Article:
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'24': Jack Bauer, meet the NYPD

January 18, 2010 | 10:01 pm

Looks like it's still "Giuliani time" in New York City.

Monday night's two-hour "24" special opens with Jack Bauer getting pounded by the NYPD in a basement in Queens. He went there alone in pursuit of the mysterious assassin Davros, who has infiltrated the police as part of the plot to kill Kamistan President Omar Hassan.

Bauer arrives too late to find Davros, who has killed another cop and his wife so he can pick up the cop's shift at the United Nations. But while he's lurking around the murder scene, two of New York's finest show up and one of them lays a 1970s-style beat-down on our hero.

BAUER Back at CTU, a concerned Chloe O'Brian can't persuade CTU boss Brian Hastings to send a team to find Bauer. Hastings and CTU agent Dana Walsh, who dresses more for a night out in the East Village than for a day analyzing data, are still focusing on reporter Meredith Reed as the link to the hit on Hassan. When they find plans detailing a bomb in the U.N. on her computer, they move to evacuate the building, not realizing that is exactly what Davros and Hassan's brother Farhad want to happen so they can blow up Hassan's car on the street.

Bauer manages to break free of his NYPD tormentor before the plunger comes out and he convinces another cop that he's a good guy. Before you can say civil suit, Bauer's racing to the U.N. and persuading CTU agent Cole Ortiz to go rogue to stop the assassination.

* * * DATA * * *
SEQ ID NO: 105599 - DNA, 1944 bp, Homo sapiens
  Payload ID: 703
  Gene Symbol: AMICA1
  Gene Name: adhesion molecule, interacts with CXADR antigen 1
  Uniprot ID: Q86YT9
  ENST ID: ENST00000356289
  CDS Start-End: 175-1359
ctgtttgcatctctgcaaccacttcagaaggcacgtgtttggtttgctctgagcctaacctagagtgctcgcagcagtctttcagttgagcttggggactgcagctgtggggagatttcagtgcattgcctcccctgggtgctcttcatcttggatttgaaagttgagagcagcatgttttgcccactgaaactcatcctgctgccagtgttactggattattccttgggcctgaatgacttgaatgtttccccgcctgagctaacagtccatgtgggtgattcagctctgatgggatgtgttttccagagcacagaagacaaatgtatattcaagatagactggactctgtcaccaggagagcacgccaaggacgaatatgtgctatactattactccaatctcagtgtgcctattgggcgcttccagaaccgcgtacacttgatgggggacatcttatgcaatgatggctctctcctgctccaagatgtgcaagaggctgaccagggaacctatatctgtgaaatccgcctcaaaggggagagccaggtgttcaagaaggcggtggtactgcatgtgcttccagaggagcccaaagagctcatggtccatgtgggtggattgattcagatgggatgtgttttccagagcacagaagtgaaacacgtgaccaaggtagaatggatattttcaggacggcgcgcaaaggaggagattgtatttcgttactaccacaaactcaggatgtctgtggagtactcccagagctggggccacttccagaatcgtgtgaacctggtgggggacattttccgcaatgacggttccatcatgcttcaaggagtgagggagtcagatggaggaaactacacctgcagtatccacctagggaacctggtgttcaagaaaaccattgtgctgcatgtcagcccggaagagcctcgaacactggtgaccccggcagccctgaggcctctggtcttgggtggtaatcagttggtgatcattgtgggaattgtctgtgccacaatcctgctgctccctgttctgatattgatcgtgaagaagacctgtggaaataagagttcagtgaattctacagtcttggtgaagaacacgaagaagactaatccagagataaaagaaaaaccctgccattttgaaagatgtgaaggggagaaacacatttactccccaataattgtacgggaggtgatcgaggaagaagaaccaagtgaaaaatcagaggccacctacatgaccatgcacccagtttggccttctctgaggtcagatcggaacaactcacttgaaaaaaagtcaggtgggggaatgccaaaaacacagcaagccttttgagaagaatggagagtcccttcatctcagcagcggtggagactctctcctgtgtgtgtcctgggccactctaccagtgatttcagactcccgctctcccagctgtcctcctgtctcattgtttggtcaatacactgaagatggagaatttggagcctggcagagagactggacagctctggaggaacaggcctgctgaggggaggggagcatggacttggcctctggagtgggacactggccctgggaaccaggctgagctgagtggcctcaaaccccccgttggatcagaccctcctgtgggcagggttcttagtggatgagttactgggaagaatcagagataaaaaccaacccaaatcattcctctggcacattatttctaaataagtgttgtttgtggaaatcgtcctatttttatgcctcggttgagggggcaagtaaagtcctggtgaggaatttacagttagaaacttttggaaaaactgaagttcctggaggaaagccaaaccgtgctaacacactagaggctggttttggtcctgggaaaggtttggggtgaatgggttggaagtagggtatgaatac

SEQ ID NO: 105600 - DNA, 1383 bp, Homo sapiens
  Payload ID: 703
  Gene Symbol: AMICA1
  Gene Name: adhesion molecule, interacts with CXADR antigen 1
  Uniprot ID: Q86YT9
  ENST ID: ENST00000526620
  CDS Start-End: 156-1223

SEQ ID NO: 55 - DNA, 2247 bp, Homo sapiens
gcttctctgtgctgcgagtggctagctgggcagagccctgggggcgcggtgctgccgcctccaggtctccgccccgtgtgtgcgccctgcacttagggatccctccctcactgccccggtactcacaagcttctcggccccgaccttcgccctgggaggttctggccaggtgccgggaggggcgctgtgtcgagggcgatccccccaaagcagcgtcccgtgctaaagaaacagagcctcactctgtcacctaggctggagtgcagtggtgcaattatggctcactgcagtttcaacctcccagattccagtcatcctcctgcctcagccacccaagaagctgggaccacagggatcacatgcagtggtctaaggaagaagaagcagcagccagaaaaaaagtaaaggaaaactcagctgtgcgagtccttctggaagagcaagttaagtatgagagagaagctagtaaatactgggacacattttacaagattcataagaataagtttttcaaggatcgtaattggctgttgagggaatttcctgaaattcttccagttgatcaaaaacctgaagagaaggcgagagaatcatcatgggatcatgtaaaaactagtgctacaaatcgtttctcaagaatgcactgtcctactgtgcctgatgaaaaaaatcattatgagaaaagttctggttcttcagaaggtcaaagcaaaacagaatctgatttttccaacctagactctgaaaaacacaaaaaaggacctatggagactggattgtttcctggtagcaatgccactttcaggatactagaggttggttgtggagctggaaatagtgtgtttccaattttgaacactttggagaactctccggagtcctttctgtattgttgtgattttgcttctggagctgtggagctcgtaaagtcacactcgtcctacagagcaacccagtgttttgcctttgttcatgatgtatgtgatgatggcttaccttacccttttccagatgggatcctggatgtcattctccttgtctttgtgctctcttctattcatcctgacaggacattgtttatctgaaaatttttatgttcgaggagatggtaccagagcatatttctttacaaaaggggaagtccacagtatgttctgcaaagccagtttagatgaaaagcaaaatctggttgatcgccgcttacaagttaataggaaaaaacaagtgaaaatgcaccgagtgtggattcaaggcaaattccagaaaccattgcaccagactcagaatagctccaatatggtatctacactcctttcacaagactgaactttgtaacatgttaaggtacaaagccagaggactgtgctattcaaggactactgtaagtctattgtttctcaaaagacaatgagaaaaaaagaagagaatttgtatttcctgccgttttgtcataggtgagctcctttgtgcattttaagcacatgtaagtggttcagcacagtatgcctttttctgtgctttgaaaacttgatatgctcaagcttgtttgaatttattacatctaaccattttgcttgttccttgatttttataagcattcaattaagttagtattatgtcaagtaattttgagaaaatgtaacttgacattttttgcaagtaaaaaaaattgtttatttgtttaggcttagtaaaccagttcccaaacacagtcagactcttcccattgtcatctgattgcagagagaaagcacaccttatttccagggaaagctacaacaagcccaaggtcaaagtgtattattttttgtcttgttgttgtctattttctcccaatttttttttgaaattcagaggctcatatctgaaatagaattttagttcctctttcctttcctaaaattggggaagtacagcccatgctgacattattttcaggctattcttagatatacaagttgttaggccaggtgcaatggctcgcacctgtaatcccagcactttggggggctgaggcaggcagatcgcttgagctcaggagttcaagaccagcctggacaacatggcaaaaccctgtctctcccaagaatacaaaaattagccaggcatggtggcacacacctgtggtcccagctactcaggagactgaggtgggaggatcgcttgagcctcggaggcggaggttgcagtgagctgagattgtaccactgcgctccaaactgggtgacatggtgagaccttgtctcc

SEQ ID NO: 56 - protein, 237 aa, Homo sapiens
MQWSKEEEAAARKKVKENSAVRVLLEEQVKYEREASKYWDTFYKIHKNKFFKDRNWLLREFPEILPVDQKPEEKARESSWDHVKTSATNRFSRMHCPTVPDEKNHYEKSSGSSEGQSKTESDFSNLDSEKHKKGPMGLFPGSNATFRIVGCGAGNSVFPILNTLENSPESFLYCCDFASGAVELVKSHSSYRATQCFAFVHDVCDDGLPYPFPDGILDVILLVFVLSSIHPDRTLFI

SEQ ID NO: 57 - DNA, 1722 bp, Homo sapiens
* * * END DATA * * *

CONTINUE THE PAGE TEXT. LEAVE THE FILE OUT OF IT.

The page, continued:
Ortiz saves the Kamistan president's life and Farhad, realizing he's going to suffer the same fate as Fredo Corleone if he sticks around, goes on the run, but not before killing a cop. Ortiz then almost gets taken out by Davros, but is saved by Bauer. The two then return to CTU's high-tech bunker where Bauer is finally given respect by Hastings.

Realizing that the Russian mob is involved, a decision is made to bring back in Renee Walker, the FBI agent from last season who was forced out for becoming a Jackie Bauer and has since been struggling to keep it together both personally and professionally. In a "let's suspend belief even more than usual" move, it turns out she used to be undercover with the Russian mob and now six years later will try to go back inside. Bauer, who's against this idea, tags along, which is even more absurd. The idea of Bauer being able to go undercover anywhere after testifying before Congress and being splashed all over the news for years is, well, as likely as Jay Leno getting "The Tonight Show" back (oh wait, never mind).  

Walker quickly reconnects with one of her old Russian operatives and in no time at all is chopping his hand off to get information from him. Even Bauer is shocked by her brutality (now that's saying something).

Back at CTU, Walsh is stuck in a subplot involving an ex-boyfriend threatening to expose her tawdry past. Let's hope this goes somewhere in the weeks ahead, otherwise it's just a pointless distraction.

One can measure how good an episode of "24" is by how far you sit from the TV. During the first two hours, I was on the couch. By the end of hour three, I was inches away from the screen. But during Episode 4, I was behind my desk across the room. Let's hope I get a little closer to the screen next week.

-- Joe Flint

Photo: Kiefer Sutherland in Fox's "24." Credit: Richard Foreman / Fox

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